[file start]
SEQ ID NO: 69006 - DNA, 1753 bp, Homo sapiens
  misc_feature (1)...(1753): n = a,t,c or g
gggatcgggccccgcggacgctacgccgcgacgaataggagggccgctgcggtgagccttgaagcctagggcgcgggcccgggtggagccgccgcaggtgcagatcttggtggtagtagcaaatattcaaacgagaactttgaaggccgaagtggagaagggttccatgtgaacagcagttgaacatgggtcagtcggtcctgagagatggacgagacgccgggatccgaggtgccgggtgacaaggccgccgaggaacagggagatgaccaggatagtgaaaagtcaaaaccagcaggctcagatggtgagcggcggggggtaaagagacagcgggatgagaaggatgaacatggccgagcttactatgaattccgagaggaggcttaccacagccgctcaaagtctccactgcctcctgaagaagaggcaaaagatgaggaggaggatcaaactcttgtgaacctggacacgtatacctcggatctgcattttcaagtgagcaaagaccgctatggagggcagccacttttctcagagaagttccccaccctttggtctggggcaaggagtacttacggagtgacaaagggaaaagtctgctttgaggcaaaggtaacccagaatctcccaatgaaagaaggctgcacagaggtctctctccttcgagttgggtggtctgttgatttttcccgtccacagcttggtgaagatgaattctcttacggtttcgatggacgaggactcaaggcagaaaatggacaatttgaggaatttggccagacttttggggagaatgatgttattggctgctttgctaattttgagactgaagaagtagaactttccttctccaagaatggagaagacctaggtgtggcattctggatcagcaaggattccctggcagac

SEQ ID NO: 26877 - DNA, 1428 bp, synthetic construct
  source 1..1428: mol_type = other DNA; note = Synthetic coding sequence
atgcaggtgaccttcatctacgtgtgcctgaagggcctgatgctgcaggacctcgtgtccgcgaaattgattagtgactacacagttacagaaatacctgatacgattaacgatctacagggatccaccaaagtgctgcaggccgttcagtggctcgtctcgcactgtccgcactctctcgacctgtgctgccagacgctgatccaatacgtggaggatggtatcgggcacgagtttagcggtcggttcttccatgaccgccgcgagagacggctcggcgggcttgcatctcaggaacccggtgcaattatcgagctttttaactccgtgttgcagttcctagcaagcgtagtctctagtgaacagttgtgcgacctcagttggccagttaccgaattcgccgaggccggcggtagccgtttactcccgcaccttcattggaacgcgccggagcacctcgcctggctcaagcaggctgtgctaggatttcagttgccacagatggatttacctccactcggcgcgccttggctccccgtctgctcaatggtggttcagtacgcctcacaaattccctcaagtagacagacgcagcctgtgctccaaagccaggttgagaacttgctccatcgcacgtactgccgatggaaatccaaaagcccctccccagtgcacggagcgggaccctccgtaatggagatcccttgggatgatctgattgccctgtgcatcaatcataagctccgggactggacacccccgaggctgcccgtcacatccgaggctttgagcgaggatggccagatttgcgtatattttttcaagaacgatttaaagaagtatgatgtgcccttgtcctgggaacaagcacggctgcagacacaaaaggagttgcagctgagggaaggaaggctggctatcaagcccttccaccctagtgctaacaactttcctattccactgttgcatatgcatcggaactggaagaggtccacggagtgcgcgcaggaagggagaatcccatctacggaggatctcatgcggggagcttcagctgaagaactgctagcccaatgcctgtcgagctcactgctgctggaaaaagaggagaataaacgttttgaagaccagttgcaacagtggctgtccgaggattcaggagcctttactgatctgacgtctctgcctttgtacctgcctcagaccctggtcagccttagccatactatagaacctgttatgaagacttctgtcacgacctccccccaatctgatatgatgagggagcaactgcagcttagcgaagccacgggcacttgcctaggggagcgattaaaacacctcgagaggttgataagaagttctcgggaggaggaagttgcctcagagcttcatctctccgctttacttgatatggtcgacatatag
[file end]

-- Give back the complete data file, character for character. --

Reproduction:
SEQ ID NO: 69006 - DNA, 1753 bp, Homo sapiens
  misc_feature (1)...(1753): n = a,t,c or g
gggatcgggccccgcggacgctacgccgcgacgaataggagggccgctgcggtgagccttgaagcctagggcgcgggcccgggtggagccgccgcaggtgcagatcttggtggtagtagcaaatattcaaacgagaactttgaaggccgaagtggagaagggttccatgtgaacagcagttgaacatgggtcagtcggtcctgagagatggacgagacgccgggatccgaggtgccgggtgacaaggccgccgaggaacagggagatgaccaggatagtgaaaagtcaaaaccagcaggctcagatggtgagcggcggggggtaaagagacagcgggatgagaaggatgaacatggccgagcttactatgaattccgagaggaggcttaccacagccgctcaaagtctccactgcctcctgaagaagaggcaaaagatgaggaggaggatcaaactcttgtgaacctggacacgtatacctcggatctgcattttcaagtgagcaaagaccgctatggagggcagccacttttctcagagaagttccccaccctttggtctggggcaaggagtacttacggagtgacaaagggaaaagtctgctttgaggcaaaggtaacccagaatctcccaatgaaagaaggctgcacagaggtctctctccttcgagttgggtggtctgttgatttttcccgtccacagcttggtgaagatgaattctcttacggtttcgatggacgaggactcaaggcagaaaatggacaatttgaggaatttggccagacttttggggagaatgatgttattggctgctttgctaattttgagactgaagaagtagaactttccttctccaagaatggagaagacctaggtgtggcattctggatcagcaaggattccctggcagac

SEQ ID NO: 26877 - DNA, 1428 bp, synthetic construct
  source 1..1428: mol_type = other DNA; note = Synthetic coding sequence
atgcaggtgaccttcatctacgtgtgcctgaagggcctgatgctgcaggacctcgtgtccgcgaaattgattagtgactacacagttacagaaatacctgatacgattaacgatctacagggatccaccaaagtgctgcaggccgttcagtggctcgtctcgcactgtccgcactctctcgacctgtgctgccagacgctgatccaatacgtggaggatggtatcgggcacgagtttagcggtcggttcttccatgaccgccgcgagagacggctcggcgggcttgcatctcaggaacccggtgcaattatcgagctttttaactccgtgttgcagttcctagcaagcgtagtctctagtgaacagttgtgcgacctcagttggccagttaccgaattcgccgaggccggcggtagccgtttactcccgcaccttcattggaacgcgccggagcacctcgcctggctcaagcaggctgtgctaggatttcagttgccacagatggatttacctccactcggcgcgccttggctccccgtctgctcaatggtggttcagtacgcctcacaaattccctcaagtagacagacgcagcctgtgctccaaagccaggttgagaacttgctccatcgcacgtactgccgatggaaatccaaaagcccctccccagtgcacggagcgggaccctccgtaatggagatcccttgggatgatctgattgccctgtgcatcaatcataagctccgggactggacacccccgaggctgcccgtcacatccgaggctttgagcgaggatggccagatttgcgtatattttttcaagaacgatttaaagaagtatgatgtgcccttgtcctgggaacaagcacggctgcagacacaaaaggagttgcagctgagggaaggaaggctggctatcaagcccttccaccctagtgctaacaactttcctattccactgttgcatatgcatcggaactggaagaggtccacggagtgcgcgcaggaagggagaatcccatctacggaggatctcatgcggggagcttcagctgaagaactgctagcccaatgcctgtcgagctcactgctgctggaaaaagaggagaataaacgttttgaagaccagttgcaacagtggctgtccgaggattcaggagcctttactgatctgacgtctctgcctttgtacctgcctcagaccctggtcagccttagccatactatagaacctgttatgaagacttctgtcacgacctccccccaatctgatatgatgagggagcaactgcagcttagcgaagccacgggcacttgcctaggggagcgattaaaacacctcgagaggttgataagaagttctcgggaggaggaagttgcctcagagcttcatctctccgctttacttgatatggtcgacatatag